Home Gear Photographer Calls Parabolic Softboxes a ‘Load of Marketing Bulls**t’

Photographer Calls Parabolic Softboxes a ‘Load of Marketing Bulls**t’

Photographer and educator Karl Taylor believes that parabolic softboxes are nothing more than marketing and that any conventional softbox can achieve the same results. In this 10.5-minute video, he proves it.

“It never ceases to amaze me how certain products are created purely for marketing reasons,” Taylor says. “When in fact they have no physical or practical advantage whatsoever over existing products.”

He says that parabolic softboxes are a perfect example of this.

“They hijacked the word ‘parabolic’ from parabolic reflectors and merged it with the word softbox to make a mockery of the laws of physics. They take up three times more space in your studio than necessary, are much heavier and more cumbersome, and they don’t deliver anything different.”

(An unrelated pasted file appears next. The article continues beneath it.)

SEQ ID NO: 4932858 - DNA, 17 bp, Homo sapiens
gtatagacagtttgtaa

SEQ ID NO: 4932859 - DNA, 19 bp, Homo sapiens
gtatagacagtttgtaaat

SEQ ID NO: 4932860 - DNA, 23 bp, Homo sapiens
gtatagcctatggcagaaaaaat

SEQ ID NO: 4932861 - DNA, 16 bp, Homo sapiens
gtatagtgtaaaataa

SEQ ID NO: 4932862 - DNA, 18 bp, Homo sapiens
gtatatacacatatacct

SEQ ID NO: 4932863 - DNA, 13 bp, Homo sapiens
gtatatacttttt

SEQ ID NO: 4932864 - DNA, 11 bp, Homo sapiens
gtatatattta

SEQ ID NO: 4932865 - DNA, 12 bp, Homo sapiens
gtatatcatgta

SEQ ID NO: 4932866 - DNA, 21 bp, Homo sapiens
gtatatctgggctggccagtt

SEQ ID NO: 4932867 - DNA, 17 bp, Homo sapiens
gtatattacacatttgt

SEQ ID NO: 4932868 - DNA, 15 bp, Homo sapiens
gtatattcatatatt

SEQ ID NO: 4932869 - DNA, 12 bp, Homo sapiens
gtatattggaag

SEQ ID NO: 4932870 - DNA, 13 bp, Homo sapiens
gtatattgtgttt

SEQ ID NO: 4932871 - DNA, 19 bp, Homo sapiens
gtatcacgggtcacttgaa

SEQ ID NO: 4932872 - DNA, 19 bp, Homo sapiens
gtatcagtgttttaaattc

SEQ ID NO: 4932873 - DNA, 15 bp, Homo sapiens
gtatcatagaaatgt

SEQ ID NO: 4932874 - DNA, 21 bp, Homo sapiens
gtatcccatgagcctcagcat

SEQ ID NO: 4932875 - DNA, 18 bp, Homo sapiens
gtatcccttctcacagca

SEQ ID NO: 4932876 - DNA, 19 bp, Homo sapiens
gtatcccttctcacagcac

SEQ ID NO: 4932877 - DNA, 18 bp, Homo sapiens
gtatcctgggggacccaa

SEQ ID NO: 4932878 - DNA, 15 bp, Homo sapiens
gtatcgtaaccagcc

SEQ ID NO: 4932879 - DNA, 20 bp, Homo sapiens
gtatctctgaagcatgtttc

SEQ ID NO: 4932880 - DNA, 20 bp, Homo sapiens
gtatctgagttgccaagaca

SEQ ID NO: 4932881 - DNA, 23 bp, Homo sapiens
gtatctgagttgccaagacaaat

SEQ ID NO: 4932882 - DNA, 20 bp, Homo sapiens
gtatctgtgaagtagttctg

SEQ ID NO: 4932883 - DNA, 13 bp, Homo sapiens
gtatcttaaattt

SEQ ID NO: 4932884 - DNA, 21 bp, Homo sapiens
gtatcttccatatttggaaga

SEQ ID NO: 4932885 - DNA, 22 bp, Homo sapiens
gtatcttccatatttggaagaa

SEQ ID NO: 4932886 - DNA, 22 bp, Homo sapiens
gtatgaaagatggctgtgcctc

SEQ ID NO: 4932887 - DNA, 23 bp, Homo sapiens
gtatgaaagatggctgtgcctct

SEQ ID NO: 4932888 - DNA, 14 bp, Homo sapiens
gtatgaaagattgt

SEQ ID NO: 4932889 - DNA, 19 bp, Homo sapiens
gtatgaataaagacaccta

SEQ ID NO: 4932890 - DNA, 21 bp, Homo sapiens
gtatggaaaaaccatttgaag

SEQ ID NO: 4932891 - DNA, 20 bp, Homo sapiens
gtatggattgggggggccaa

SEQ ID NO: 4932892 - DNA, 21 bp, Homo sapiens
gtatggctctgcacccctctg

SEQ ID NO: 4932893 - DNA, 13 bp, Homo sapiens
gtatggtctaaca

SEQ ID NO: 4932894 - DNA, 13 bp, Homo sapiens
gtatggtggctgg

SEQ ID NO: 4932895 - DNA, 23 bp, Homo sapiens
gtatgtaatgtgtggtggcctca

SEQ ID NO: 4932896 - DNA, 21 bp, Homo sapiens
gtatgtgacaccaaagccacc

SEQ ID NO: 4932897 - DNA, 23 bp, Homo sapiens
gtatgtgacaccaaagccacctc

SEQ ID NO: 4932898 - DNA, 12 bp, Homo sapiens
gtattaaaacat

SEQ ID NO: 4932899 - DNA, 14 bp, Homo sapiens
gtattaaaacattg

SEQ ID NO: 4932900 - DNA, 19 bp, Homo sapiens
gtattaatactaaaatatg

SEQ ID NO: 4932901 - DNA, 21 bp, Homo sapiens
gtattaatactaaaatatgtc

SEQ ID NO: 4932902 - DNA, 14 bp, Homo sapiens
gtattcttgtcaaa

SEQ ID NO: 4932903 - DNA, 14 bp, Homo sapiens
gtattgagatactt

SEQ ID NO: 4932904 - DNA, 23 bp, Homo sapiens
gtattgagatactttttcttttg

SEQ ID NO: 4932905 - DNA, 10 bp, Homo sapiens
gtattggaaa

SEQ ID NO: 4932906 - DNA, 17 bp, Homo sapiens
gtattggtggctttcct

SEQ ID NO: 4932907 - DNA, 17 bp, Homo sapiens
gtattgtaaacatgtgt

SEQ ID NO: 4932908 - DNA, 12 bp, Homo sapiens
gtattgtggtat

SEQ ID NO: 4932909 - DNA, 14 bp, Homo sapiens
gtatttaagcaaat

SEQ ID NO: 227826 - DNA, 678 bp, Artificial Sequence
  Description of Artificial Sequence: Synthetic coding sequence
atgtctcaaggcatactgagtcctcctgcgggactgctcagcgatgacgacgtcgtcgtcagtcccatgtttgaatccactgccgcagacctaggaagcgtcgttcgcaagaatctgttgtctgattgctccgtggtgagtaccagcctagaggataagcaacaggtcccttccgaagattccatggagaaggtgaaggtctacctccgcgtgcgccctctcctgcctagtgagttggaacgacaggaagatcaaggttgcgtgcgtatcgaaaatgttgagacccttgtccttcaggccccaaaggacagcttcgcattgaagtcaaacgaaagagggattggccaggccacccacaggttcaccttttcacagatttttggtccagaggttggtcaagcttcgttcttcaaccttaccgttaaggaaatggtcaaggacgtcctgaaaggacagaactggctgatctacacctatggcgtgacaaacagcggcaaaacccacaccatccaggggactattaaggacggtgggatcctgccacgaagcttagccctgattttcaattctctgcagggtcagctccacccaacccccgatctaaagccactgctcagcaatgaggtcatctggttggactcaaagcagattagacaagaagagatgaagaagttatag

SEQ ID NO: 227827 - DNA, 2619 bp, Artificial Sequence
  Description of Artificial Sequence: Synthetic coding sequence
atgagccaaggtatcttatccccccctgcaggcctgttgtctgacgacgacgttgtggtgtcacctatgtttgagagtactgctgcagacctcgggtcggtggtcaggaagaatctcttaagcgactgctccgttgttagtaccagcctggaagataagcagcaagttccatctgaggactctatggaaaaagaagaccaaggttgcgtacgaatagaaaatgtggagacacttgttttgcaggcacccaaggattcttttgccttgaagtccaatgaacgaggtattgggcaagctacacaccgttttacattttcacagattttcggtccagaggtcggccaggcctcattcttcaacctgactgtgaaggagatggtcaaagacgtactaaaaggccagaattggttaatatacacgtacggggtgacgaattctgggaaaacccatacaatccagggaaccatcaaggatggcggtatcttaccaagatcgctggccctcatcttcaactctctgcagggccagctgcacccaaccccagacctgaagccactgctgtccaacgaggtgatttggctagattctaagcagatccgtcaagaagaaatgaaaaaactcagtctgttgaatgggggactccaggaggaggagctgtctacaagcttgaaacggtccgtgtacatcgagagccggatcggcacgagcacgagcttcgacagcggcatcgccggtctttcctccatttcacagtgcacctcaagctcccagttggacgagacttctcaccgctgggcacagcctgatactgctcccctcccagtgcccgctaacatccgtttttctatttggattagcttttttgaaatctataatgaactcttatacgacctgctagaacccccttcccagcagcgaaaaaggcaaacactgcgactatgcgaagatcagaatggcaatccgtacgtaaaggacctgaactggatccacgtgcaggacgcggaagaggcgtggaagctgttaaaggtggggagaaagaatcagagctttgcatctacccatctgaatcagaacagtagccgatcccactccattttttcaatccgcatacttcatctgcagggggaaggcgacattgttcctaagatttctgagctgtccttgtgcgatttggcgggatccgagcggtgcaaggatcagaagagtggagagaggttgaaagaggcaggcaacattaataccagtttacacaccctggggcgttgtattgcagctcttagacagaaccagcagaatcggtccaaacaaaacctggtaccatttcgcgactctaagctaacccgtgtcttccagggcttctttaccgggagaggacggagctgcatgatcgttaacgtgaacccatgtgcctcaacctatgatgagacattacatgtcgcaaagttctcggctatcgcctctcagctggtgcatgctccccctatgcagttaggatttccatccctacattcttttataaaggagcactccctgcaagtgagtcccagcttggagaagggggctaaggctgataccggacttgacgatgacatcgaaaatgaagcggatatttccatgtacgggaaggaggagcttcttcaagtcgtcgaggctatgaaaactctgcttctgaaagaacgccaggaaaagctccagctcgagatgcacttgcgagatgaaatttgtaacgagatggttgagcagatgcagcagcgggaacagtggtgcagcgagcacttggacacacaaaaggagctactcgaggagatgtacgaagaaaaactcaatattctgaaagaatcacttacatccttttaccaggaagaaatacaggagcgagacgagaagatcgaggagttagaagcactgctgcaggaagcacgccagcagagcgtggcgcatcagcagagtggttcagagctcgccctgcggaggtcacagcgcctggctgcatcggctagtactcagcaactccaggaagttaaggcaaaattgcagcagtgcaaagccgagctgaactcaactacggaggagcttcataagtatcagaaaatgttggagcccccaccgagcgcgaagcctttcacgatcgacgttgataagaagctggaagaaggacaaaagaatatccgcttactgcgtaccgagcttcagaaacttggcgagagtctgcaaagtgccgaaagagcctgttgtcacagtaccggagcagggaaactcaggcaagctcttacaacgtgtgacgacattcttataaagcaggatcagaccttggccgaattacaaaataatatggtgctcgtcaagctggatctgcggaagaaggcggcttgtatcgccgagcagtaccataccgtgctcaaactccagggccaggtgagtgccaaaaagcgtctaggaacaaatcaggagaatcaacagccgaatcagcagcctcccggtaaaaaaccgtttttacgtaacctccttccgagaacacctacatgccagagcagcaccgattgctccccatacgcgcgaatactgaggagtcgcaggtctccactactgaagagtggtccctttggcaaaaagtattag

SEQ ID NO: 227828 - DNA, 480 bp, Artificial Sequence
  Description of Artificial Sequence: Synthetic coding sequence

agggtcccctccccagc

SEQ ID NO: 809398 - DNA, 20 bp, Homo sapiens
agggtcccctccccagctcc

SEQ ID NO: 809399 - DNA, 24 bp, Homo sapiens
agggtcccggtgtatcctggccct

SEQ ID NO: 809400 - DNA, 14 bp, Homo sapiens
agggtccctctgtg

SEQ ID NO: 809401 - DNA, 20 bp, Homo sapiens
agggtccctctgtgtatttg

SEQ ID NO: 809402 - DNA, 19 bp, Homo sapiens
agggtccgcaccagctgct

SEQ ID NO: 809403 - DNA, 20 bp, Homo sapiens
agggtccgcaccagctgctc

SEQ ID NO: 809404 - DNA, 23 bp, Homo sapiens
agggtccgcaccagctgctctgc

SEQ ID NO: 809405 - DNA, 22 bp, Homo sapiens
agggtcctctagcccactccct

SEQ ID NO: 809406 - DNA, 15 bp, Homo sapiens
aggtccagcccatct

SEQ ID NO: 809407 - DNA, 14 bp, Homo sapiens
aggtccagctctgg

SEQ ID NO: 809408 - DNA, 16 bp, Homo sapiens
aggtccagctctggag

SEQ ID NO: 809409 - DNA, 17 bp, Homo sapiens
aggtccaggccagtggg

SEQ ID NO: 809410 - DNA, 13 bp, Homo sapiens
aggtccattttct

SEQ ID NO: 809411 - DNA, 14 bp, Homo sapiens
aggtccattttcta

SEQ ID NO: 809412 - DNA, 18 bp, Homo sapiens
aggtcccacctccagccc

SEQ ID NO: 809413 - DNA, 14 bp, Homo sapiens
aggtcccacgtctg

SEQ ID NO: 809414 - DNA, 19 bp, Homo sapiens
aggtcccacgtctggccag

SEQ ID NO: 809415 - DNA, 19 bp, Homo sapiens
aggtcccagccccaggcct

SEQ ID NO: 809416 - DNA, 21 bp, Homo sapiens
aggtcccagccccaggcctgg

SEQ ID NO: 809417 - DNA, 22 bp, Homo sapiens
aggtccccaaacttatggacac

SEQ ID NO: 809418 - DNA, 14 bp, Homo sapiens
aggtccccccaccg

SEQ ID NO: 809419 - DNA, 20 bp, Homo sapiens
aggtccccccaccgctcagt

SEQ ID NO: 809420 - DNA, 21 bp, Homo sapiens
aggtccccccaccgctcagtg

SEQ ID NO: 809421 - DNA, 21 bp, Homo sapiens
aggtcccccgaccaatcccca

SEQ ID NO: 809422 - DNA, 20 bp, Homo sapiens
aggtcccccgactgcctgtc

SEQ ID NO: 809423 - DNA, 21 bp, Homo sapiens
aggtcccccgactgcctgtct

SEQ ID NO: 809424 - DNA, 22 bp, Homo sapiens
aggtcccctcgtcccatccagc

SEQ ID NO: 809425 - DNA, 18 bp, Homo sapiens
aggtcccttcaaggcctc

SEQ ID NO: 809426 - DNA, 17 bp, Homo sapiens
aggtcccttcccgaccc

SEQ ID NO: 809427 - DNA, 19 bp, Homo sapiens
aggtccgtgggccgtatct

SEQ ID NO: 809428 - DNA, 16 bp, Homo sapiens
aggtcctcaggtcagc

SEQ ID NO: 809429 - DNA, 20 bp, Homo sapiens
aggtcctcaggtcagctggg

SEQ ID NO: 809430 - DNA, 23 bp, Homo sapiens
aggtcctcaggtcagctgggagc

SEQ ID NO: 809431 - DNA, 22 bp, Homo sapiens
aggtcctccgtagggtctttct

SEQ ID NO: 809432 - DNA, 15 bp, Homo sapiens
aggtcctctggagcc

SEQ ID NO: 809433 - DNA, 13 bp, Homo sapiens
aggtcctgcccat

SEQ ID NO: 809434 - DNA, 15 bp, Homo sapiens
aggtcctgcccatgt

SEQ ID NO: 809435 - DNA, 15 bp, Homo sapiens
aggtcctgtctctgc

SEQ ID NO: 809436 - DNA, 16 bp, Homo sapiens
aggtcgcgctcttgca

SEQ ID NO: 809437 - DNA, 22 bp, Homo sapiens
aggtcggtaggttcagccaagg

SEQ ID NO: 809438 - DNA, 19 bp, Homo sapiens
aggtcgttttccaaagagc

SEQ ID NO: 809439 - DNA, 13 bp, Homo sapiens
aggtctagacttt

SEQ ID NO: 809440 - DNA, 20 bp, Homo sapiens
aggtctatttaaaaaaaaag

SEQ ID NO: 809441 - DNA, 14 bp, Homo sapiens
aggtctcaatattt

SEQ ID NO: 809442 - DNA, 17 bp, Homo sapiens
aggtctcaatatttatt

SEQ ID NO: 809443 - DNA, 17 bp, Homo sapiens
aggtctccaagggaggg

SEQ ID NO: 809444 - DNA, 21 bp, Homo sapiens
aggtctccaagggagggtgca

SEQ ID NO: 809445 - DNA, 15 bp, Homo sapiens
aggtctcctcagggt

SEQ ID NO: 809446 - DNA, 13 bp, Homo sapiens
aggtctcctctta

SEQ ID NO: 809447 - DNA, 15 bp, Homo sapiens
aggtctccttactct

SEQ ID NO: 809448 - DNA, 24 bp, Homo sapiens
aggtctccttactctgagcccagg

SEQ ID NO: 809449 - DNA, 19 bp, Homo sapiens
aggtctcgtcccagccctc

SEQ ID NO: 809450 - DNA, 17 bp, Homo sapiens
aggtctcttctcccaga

At first, Taylor thought that there must be some advantage of the parabolic softbox design that he wasn’t seeing that would make it different from a standard octagonal softbox. He performed a couple of tests with each light modifier, with the front and middle diffusor on, with only the middle diffusor on, and finally a bare bulb.

Taylor laments the size and weight of the parabolic and seems genuinely angry at the existence of the device. His results show that with any diffusion in front of the bulb, there is virtually no difference between the two light shaping tools.

There is a slight difference between the bare bulb shots, though. Given the shape and materials the two boxes are made of, this is an expected result:

In the rest of the video, Taylor shows how you can get the same look provided by the bare bulb parabolic above with a lot less cumbersome equipment.

It is important to note that Taylor does not dislike the idea of a parabolic reflector, but the parabolic softbox. A true parabolic reflector has the light facing inwards, towards the back of the dome, and is on a rod to allow you to adjust the focusing of the light. These parabolic softboxes do not have that feature, and when diffusing the light out like is most common, there is no reason for them to exist when the octobox achieves the same result more easily and, often, for less money.

Do you agree with Taylor’s stance? Let us know in the comments. For more from Karl Taylor, subscribe to his YouTube Channel.

(via ISO 1200)


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